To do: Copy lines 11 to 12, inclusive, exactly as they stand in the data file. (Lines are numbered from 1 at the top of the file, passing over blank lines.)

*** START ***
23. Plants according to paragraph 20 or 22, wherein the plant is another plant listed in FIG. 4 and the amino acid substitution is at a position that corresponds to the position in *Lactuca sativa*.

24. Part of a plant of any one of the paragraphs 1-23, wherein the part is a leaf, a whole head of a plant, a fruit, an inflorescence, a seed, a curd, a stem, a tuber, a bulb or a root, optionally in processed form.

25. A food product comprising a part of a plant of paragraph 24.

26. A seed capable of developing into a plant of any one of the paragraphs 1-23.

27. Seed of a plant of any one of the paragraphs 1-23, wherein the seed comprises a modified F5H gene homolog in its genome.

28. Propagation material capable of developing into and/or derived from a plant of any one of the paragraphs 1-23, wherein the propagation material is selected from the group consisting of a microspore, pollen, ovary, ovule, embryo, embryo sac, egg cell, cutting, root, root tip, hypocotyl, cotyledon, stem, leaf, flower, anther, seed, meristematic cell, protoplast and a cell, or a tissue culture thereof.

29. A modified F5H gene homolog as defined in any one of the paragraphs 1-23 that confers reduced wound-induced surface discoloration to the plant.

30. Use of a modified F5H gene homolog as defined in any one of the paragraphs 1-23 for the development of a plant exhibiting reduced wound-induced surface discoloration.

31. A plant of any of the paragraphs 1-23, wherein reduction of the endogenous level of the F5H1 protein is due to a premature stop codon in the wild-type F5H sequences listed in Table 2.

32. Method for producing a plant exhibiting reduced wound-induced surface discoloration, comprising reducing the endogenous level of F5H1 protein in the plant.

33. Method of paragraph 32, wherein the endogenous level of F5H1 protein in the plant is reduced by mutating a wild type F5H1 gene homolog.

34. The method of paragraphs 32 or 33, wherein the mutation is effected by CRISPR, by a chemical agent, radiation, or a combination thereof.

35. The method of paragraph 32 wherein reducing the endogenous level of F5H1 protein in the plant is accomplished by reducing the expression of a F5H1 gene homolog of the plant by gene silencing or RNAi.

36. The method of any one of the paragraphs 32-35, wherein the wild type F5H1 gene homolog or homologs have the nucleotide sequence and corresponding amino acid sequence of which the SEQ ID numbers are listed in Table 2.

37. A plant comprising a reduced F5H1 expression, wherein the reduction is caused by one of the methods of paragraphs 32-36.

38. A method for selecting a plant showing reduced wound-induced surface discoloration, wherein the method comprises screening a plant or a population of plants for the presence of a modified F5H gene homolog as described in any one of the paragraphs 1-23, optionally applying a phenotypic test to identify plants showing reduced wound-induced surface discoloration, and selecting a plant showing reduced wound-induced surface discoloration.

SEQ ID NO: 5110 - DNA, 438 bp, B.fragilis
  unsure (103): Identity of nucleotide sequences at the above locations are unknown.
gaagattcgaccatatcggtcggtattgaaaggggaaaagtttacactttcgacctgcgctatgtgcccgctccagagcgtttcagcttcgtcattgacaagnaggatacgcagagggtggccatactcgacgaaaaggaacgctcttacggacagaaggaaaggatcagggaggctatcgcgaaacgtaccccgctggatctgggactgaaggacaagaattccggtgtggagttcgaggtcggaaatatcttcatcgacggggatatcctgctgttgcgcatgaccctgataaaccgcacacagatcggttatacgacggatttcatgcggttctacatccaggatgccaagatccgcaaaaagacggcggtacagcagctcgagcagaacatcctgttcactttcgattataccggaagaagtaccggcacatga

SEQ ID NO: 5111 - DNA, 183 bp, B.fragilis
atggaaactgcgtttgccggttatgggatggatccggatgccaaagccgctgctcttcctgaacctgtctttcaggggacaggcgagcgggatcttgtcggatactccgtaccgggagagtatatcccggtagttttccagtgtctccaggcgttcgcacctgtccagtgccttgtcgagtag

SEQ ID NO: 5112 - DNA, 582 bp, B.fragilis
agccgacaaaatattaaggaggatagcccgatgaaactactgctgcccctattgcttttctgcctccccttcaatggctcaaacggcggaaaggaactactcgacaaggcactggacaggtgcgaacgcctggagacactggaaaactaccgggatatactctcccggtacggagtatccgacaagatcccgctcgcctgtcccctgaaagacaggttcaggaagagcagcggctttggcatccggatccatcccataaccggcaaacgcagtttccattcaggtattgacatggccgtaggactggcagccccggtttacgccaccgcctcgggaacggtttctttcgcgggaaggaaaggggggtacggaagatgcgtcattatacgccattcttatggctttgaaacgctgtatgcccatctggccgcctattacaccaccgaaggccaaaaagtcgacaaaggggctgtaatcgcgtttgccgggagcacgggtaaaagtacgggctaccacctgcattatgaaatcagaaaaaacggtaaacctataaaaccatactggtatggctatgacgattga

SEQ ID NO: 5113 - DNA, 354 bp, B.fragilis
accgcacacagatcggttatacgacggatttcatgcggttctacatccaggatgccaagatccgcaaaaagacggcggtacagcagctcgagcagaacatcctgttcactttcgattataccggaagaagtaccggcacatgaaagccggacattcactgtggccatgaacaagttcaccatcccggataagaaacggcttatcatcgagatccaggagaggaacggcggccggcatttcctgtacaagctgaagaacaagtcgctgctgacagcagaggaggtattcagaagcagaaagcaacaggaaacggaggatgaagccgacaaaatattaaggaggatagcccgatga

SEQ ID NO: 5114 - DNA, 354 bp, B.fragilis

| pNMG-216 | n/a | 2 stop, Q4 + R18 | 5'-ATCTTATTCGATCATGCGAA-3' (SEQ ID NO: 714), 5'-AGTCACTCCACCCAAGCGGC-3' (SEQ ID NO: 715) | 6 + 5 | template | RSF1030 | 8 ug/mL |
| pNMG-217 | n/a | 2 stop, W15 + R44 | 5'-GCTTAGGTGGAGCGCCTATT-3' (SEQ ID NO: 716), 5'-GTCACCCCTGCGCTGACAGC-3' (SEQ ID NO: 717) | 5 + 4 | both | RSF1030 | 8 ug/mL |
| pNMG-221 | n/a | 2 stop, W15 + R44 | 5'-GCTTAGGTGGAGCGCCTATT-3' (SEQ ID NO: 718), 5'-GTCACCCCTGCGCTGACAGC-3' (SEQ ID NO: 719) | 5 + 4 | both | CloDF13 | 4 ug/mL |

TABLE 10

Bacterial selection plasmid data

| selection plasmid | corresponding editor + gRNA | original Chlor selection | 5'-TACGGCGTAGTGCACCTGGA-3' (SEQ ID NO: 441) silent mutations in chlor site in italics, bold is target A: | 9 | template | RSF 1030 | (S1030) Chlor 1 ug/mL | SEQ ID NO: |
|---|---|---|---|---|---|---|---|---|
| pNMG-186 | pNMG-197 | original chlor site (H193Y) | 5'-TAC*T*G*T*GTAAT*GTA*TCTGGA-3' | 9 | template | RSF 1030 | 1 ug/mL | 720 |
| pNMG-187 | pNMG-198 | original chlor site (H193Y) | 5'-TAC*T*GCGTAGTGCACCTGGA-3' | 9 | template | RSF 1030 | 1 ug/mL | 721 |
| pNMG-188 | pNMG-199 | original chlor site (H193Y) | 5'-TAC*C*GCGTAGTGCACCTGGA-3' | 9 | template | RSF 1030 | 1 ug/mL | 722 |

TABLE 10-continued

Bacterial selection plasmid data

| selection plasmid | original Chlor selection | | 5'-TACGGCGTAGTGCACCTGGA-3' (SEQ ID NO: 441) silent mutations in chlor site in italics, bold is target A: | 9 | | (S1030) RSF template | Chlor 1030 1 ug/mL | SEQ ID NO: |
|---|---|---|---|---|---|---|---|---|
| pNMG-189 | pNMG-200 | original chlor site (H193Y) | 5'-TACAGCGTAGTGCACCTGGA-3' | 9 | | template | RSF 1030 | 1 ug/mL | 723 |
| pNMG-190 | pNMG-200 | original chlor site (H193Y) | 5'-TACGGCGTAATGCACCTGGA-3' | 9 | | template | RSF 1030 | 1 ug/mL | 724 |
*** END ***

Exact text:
33. Method of paragraph 32, wherein the endogenous level of F5H1 protein in the plant is reduced by mutating a wild type F5H1 gene homolog.

34. The method of paragraphs 32 or 33, wherein the mutation is effected by CRISPR, by a chemical agent, radiation, or a combination thereof.